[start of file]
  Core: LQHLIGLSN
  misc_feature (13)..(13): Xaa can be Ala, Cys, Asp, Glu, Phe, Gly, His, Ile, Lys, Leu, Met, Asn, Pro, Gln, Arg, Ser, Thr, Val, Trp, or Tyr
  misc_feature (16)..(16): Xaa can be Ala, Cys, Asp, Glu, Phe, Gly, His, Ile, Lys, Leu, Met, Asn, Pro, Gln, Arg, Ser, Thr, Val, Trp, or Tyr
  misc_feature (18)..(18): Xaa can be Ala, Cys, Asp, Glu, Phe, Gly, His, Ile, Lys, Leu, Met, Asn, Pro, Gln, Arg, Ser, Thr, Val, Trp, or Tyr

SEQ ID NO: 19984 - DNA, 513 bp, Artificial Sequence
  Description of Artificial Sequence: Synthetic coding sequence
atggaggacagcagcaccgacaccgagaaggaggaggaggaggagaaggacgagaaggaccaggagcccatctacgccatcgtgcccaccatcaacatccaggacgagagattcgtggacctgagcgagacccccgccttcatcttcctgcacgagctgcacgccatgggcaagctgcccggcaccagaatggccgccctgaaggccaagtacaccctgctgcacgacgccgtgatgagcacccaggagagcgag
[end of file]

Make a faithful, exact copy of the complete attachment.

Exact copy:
  Core: LQHLIGLSN
  misc_feature (13)..(13): Xaa can be Ala, Cys, Asp, Glu, Phe, Gly, His, Ile, Lys, Leu, Met, Asn, Pro, Gln, Arg, Ser, Thr, Val, Trp, or Tyr
  misc_feature (16)..(16): Xaa can be Ala, Cys, Asp, Glu, Phe, Gly, His, Ile, Lys, Leu, Met, Asn, Pro, Gln, Arg, Ser, Thr, Val, Trp, or Tyr
  misc_feature (18)..(18): Xaa can be Ala, Cys, Asp, Glu, Phe, Gly, His, Ile, Lys, Leu, Met, Asn, Pro, Gln, Arg, Ser, Thr, Val, Trp, or Tyr

SEQ ID NO: 19984 - DNA, 513 bp, Artificial Sequence
  Description of Artificial Sequence: Synthetic coding sequence
atggaggacagcagcaccgacaccgagaaggaggaggaggaggagaaggacgagaaggaccaggagcccatctacgccatcgtgcccaccatcaacatccaggacgagagattcgtggacctgagcgagacccccgccttcatcttcctgcacgagctgcacgccatgggcaagctgcccggcaccagaatggccgccctgaaggccaagtacaccctgctgcacgacgccgtgatgagcacccaggagagcgag